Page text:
Monday Lectures

11 January 2021

Artemisia Gentileschi at the National Gallery, London

Artemisia Gentileschi, Self Portrait as Saint Catherine of Alexandria, c.1615-17, National Gallery, London

In 17th-century Europe, at a time when women artists were not easily accepted, Artemisia was exceptional. She challenged conventions and defied expectations to become a successful artist and one of the great storytellers of her time.


In this first major exhibition of Artemisia’s work in the UK, are displayed her best-known paintings including two versions of her iconic Judith beheading Holofernes; as well as her self-portraits, heroines from history and the Bible, and recently discovered personal letters.


According to the curators of the exhibition, “Artemisia painted subjects that were traditionally the preserve of male artists and for the male gaze; transforming meek maidservants into courageous conspirators and victims into survivors.”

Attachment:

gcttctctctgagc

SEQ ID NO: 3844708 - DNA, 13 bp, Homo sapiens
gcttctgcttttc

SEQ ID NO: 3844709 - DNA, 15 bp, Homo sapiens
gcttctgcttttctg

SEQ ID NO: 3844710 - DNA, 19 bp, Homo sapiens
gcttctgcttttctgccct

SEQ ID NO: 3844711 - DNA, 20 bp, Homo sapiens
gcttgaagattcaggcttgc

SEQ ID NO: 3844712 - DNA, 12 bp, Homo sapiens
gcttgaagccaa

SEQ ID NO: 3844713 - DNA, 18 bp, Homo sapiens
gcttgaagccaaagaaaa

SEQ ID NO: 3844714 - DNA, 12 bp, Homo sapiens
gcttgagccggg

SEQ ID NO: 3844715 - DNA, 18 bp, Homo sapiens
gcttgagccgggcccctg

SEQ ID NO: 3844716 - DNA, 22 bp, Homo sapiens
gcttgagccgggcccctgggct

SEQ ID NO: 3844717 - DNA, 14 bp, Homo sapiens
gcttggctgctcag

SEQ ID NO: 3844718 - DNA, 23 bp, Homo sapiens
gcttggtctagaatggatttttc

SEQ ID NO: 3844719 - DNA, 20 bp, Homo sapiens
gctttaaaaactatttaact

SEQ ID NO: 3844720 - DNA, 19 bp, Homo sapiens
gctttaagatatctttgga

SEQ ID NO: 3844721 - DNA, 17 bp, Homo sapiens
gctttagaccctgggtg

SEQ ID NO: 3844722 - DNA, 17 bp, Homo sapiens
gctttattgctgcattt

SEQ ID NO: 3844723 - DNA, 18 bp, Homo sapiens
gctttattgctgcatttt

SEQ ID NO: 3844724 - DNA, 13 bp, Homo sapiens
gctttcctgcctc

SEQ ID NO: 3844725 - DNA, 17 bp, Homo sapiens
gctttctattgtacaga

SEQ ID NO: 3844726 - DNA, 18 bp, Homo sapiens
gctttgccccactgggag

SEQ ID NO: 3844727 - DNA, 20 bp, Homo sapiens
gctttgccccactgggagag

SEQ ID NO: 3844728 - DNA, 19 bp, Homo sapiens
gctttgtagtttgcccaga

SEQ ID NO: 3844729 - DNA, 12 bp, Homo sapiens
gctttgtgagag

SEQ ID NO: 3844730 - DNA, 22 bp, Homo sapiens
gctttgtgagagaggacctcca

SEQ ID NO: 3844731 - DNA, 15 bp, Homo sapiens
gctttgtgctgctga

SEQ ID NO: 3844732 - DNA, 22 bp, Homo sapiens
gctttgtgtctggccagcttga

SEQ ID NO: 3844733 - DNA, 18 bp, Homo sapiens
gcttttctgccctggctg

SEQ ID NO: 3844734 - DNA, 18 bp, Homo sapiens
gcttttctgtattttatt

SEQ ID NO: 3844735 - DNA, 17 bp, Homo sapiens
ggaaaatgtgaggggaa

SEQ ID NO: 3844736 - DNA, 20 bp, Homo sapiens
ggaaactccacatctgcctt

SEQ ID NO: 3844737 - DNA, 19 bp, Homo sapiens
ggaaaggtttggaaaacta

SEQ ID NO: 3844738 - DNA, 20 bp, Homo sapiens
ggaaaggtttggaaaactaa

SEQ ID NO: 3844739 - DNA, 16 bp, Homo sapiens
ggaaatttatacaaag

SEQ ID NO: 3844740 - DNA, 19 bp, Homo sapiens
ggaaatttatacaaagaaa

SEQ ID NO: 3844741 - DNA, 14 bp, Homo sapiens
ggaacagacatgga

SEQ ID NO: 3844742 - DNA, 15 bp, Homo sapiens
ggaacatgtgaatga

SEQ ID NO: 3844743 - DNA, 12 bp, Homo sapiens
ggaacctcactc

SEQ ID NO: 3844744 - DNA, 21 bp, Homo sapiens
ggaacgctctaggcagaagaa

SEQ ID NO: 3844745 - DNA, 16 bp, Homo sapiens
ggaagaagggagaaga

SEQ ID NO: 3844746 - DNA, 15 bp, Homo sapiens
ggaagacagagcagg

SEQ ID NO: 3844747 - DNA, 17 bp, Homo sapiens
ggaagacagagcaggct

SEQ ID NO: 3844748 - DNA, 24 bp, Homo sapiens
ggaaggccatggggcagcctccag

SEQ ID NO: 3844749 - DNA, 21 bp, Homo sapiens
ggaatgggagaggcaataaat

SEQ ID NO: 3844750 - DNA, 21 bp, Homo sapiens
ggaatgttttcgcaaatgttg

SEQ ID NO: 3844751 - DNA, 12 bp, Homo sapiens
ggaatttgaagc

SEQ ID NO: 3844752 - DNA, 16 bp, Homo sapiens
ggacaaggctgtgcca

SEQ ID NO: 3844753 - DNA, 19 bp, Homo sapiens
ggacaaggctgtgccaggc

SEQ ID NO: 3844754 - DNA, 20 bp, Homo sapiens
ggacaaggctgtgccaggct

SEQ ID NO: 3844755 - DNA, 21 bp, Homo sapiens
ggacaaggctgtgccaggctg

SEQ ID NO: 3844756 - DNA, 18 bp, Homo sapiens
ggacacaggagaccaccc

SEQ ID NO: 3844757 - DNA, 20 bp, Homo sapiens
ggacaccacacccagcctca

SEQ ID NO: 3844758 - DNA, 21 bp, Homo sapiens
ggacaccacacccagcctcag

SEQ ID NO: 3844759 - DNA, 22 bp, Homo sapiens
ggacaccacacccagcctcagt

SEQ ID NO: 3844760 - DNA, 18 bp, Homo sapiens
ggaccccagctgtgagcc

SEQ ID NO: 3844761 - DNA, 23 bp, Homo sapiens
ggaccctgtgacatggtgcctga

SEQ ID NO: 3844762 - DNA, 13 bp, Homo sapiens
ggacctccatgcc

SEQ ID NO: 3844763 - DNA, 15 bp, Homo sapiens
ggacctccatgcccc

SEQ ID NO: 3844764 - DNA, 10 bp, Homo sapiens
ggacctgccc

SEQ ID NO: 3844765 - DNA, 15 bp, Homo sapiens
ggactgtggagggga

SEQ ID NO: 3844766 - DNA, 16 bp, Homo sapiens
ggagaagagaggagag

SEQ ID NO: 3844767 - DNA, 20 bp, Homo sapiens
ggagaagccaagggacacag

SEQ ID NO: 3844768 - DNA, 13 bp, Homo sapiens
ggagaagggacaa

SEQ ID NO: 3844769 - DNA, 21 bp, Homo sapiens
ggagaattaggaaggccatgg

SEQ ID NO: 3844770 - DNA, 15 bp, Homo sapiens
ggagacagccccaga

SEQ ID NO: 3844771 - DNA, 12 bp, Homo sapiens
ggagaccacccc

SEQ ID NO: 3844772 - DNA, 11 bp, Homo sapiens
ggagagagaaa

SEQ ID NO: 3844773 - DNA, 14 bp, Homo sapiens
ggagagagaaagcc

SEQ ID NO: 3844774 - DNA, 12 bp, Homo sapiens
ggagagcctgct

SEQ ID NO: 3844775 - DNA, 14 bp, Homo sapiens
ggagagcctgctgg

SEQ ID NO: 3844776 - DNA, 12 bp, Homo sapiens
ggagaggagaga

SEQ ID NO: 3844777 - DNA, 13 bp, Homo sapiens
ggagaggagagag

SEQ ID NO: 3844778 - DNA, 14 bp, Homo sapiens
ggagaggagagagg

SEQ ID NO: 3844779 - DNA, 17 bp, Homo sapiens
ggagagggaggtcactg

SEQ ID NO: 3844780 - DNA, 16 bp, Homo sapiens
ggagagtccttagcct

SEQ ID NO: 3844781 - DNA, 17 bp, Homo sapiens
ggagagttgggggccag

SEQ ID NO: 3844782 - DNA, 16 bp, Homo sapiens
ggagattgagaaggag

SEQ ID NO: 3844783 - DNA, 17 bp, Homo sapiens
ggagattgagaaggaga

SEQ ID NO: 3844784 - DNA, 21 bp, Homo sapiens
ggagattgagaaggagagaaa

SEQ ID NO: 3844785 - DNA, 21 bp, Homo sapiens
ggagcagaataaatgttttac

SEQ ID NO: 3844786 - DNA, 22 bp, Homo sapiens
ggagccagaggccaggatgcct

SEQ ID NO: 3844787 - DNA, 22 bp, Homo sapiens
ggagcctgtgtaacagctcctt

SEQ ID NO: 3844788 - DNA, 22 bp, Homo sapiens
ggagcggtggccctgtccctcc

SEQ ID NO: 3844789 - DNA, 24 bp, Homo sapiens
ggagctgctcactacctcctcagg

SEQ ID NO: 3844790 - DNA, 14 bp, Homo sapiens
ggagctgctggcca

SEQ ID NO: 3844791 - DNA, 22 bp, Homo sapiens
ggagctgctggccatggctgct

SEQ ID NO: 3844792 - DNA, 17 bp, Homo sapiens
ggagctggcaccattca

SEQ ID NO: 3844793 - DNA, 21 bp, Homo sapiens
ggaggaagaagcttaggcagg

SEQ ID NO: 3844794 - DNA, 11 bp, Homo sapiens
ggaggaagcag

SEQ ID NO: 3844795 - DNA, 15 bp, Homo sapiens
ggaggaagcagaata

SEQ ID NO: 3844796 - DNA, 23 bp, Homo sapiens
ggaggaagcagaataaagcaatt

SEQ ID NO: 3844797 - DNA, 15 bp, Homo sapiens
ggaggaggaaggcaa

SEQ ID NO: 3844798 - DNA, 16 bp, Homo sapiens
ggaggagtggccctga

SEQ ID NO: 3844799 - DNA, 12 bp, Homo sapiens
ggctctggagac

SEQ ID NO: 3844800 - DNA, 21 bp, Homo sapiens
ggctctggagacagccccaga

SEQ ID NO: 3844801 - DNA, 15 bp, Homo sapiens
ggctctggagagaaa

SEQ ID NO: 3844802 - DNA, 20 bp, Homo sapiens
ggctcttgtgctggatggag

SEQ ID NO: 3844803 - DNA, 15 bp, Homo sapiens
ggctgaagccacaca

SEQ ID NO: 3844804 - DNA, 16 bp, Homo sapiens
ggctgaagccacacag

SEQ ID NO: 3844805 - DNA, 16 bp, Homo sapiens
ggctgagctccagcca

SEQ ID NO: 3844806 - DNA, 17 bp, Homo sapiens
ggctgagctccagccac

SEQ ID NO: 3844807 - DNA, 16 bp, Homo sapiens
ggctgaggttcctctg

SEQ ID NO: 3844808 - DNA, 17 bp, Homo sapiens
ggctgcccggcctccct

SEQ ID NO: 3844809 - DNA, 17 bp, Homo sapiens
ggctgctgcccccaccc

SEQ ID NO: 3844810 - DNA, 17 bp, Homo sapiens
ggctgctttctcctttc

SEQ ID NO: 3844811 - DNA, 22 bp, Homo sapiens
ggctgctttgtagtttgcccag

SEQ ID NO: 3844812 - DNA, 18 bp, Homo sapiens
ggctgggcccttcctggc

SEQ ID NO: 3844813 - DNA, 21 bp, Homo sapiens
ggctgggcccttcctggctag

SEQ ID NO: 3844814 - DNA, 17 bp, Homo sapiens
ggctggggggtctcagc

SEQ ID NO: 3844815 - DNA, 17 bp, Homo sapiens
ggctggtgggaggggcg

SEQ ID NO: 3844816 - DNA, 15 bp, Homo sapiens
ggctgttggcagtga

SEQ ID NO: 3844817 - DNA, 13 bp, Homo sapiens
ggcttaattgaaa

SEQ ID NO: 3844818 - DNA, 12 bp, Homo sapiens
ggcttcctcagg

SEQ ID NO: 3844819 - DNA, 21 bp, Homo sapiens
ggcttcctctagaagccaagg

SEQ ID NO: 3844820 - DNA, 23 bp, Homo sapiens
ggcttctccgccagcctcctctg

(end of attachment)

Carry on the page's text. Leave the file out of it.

We will follow her extremely successful career which beginning in Rome took her to Florence, Venice, Naples and, briefly, to the artistically blossoming London of Charles I. We will compare her paintings to those of her talented father, Orazio Gentileschi, to the other great Roman painter who inspired her early style - Michelangelo Caravaggio - and we will see what in particular distinguished her style and thematic interpretations from those of her male colleagues of the early Baroque age.

Artemisia Gentileschi, Danaë, c. 1612-13

Saint Louis Art Museum